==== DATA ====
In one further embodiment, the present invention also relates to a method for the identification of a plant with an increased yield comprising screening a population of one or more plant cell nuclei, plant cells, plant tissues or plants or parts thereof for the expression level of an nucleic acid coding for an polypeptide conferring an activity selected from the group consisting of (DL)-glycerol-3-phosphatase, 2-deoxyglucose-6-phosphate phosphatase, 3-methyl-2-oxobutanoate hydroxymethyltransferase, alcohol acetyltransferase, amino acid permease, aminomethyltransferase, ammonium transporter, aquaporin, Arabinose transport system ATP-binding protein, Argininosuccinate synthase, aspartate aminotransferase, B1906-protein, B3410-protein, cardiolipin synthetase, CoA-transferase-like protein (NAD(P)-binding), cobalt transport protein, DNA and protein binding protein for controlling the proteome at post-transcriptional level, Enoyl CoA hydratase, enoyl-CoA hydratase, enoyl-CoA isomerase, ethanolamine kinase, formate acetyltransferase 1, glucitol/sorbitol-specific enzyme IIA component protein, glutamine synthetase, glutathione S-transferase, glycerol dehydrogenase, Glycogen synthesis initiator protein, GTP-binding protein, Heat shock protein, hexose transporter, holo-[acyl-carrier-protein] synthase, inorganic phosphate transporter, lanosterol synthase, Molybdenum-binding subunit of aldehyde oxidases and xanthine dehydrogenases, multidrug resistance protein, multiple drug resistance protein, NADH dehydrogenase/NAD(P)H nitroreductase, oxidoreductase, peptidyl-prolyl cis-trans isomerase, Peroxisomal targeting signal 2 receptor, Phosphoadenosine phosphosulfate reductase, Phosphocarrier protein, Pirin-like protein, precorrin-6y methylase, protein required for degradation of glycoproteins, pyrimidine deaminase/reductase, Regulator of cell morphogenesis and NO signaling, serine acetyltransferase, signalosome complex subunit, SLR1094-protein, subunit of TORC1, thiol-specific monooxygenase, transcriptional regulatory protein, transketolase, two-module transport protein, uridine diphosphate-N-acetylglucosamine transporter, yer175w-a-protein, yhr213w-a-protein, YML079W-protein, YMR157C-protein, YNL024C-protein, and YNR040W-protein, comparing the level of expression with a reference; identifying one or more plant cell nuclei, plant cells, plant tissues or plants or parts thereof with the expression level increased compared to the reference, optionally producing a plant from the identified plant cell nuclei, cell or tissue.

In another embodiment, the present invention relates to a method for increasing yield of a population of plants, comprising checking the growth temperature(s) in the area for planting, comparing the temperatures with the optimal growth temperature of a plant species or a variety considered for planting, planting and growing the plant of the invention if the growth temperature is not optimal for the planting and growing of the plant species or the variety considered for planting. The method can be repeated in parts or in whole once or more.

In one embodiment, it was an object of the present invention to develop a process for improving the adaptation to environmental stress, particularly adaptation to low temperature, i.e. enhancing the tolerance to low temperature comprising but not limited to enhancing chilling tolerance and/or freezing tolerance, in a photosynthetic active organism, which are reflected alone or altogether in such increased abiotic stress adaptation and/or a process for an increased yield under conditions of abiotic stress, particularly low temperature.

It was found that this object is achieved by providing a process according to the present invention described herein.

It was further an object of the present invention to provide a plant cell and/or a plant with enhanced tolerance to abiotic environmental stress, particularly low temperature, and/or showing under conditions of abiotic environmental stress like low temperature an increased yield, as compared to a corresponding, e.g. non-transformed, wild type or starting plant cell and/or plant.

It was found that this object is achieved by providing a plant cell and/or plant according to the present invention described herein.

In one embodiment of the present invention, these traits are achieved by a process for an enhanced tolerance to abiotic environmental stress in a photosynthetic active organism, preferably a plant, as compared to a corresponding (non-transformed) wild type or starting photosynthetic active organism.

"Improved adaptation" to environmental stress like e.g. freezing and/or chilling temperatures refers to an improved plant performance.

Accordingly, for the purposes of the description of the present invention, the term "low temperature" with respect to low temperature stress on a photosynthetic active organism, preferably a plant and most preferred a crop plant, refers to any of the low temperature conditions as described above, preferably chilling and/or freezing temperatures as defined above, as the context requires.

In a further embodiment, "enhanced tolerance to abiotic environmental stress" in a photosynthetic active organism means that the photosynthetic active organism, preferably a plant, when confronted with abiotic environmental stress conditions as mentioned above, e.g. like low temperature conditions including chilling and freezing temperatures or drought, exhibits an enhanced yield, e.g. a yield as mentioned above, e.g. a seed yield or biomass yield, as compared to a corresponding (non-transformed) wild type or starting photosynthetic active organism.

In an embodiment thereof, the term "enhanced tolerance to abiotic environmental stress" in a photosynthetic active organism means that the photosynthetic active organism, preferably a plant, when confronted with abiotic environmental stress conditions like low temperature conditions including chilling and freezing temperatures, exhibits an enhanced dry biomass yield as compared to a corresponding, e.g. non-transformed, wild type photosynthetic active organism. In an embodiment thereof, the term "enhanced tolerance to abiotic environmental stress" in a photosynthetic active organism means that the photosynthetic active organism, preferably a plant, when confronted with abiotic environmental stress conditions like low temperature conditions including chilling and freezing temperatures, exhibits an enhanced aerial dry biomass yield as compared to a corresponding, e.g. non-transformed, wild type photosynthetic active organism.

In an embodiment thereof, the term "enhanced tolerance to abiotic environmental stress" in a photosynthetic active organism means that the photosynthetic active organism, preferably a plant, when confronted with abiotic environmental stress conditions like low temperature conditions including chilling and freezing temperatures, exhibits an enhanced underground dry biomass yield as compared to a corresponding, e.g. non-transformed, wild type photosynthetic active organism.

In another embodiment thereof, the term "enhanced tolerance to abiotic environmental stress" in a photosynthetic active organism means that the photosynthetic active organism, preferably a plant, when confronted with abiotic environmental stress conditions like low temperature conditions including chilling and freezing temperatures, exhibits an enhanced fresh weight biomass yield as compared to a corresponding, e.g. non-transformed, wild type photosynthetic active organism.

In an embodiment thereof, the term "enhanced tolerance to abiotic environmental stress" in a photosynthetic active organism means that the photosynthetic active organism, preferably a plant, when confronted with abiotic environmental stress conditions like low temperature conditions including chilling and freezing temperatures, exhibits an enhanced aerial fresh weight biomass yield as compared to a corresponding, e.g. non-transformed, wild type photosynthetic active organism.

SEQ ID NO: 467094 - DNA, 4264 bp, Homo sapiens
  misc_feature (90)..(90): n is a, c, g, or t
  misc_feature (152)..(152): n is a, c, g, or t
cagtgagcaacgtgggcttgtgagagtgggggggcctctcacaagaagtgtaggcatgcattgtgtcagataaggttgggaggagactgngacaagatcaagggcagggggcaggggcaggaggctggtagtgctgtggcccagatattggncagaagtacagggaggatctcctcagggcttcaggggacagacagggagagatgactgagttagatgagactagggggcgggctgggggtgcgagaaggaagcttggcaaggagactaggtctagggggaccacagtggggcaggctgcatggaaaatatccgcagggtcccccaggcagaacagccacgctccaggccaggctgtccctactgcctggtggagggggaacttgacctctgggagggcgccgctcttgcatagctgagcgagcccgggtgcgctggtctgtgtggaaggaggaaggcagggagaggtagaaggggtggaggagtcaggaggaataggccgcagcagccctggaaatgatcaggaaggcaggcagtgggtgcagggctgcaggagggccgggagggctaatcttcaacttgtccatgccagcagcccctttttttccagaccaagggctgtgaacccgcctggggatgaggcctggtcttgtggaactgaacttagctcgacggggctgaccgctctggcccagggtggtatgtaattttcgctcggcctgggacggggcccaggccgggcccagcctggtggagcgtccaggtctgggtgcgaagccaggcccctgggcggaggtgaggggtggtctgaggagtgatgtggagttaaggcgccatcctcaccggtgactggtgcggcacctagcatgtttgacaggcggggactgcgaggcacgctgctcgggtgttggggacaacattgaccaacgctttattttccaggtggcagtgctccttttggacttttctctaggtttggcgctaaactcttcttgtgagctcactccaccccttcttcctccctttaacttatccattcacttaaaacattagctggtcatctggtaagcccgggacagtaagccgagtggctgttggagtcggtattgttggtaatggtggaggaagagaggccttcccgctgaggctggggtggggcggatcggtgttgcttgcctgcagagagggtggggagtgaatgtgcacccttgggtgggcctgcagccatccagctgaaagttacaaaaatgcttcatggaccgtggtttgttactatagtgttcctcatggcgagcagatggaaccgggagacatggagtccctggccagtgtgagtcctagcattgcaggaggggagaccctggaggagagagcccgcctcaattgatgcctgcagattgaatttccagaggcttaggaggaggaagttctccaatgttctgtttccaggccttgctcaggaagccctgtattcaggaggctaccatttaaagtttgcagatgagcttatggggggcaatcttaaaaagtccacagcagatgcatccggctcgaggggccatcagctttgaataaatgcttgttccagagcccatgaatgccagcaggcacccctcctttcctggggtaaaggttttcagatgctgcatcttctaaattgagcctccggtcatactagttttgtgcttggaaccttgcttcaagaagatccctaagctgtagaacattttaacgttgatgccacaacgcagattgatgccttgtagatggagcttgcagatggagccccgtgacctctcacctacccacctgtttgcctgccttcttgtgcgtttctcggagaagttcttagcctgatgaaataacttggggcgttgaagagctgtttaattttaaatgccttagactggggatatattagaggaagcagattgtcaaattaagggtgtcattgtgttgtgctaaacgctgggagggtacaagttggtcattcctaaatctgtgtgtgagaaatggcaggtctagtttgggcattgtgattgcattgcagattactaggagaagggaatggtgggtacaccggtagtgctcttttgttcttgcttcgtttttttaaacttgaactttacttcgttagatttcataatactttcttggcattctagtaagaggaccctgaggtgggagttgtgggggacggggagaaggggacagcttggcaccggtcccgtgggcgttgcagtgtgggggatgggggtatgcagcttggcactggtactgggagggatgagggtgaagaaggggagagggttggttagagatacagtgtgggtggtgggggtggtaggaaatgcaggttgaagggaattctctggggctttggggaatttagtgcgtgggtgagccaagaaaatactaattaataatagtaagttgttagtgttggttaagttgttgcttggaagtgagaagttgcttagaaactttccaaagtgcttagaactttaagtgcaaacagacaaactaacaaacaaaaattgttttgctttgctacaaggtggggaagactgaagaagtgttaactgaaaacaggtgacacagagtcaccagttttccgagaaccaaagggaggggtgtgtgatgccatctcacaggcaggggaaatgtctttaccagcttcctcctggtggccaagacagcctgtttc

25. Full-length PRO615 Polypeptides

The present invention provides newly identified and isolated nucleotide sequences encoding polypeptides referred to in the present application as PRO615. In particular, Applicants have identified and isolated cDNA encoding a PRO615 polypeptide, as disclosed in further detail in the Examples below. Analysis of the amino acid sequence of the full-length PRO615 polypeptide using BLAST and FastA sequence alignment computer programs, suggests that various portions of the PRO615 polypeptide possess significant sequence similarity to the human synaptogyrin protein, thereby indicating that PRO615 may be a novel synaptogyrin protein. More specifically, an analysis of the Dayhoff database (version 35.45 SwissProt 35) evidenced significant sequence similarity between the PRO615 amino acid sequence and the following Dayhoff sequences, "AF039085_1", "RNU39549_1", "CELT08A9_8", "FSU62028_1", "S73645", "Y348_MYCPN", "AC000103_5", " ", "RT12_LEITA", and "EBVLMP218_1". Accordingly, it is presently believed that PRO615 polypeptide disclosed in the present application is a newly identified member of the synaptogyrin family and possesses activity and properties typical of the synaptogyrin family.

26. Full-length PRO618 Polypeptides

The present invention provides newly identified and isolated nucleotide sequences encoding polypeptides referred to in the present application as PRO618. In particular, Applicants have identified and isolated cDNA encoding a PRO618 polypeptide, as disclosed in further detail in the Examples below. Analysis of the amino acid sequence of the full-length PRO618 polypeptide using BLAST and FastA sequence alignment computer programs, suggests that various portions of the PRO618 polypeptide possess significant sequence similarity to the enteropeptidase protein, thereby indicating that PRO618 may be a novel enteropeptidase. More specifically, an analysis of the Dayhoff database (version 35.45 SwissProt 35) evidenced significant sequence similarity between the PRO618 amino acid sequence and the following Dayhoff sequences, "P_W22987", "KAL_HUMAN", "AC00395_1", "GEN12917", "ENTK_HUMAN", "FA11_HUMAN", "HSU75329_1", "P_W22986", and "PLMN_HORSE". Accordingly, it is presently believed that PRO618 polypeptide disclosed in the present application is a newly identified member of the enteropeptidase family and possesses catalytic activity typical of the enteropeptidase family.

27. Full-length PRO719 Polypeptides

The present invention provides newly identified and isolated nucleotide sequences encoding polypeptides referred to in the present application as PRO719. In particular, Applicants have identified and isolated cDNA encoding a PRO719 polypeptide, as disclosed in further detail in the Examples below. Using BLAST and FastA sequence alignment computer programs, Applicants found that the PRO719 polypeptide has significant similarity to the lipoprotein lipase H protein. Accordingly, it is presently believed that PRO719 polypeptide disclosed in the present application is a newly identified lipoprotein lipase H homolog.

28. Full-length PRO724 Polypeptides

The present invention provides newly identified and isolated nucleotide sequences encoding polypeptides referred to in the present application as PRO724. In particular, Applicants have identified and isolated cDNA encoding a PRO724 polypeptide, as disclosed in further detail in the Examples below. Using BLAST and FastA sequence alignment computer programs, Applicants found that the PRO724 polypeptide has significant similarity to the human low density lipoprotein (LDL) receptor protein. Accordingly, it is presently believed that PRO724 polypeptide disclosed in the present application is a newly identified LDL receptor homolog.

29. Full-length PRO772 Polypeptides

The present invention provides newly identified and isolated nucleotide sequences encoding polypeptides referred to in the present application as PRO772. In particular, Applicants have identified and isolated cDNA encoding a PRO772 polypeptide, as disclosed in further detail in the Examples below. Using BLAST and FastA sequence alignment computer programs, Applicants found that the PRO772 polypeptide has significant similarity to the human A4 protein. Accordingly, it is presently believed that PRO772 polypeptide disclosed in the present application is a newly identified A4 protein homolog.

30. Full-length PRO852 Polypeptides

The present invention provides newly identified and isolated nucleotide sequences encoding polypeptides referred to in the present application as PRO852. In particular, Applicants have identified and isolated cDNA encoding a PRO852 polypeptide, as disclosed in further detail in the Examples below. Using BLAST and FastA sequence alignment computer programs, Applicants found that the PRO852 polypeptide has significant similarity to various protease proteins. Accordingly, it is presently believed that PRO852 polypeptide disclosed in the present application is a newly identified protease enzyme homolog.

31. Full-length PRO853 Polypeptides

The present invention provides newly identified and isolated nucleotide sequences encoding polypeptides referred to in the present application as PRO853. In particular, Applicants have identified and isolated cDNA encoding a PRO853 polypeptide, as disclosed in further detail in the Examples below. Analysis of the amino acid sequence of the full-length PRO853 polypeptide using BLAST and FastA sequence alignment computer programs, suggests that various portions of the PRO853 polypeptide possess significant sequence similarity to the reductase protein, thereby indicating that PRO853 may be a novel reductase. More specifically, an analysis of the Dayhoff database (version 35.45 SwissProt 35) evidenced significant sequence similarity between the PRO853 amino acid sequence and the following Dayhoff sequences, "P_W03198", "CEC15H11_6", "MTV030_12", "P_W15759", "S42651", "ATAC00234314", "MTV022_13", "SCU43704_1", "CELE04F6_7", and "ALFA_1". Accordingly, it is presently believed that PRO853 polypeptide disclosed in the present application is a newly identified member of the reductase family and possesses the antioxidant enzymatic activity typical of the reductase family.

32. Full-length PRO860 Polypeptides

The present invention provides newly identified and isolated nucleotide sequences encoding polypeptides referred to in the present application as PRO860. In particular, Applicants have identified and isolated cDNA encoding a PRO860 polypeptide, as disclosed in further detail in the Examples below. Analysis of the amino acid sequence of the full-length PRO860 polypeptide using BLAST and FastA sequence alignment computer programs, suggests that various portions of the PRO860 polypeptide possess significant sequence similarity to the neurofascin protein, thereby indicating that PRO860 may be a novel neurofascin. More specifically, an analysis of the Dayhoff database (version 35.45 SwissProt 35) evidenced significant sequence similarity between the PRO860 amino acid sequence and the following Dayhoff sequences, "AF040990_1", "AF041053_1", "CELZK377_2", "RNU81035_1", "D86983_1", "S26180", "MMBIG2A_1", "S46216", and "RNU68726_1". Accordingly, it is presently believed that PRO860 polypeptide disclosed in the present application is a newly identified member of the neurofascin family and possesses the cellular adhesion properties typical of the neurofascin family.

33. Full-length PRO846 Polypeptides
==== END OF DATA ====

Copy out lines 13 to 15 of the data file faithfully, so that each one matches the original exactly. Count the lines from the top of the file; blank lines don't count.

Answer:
In another embodiment thereof, the term "enhanced tolerance to abiotic environmental stress" in a photosynthetic active organism means that the photosynthetic active organism, preferably a plant, when confronted with abiotic environmental stress conditions like low temperature conditions including chilling and freezing temperatures, exhibits an enhanced fresh weight biomass yield as compared to a corresponding, e.g. non-transformed, wild type photosynthetic active organism.

In an embodiment thereof, the term "enhanced tolerance to abiotic environmental stress" in a photosynthetic active organism means that the photosynthetic active organism, preferably a plant, when confronted with abiotic environmental stress conditions like low temperature conditions including chilling and freezing temperatures, exhibits an enhanced aerial fresh weight biomass yield as compared to a corresponding, e.g. non-transformed, wild type photosynthetic active organism.

SEQ ID NO: 467094 - DNA, 4264 bp, Homo sapiens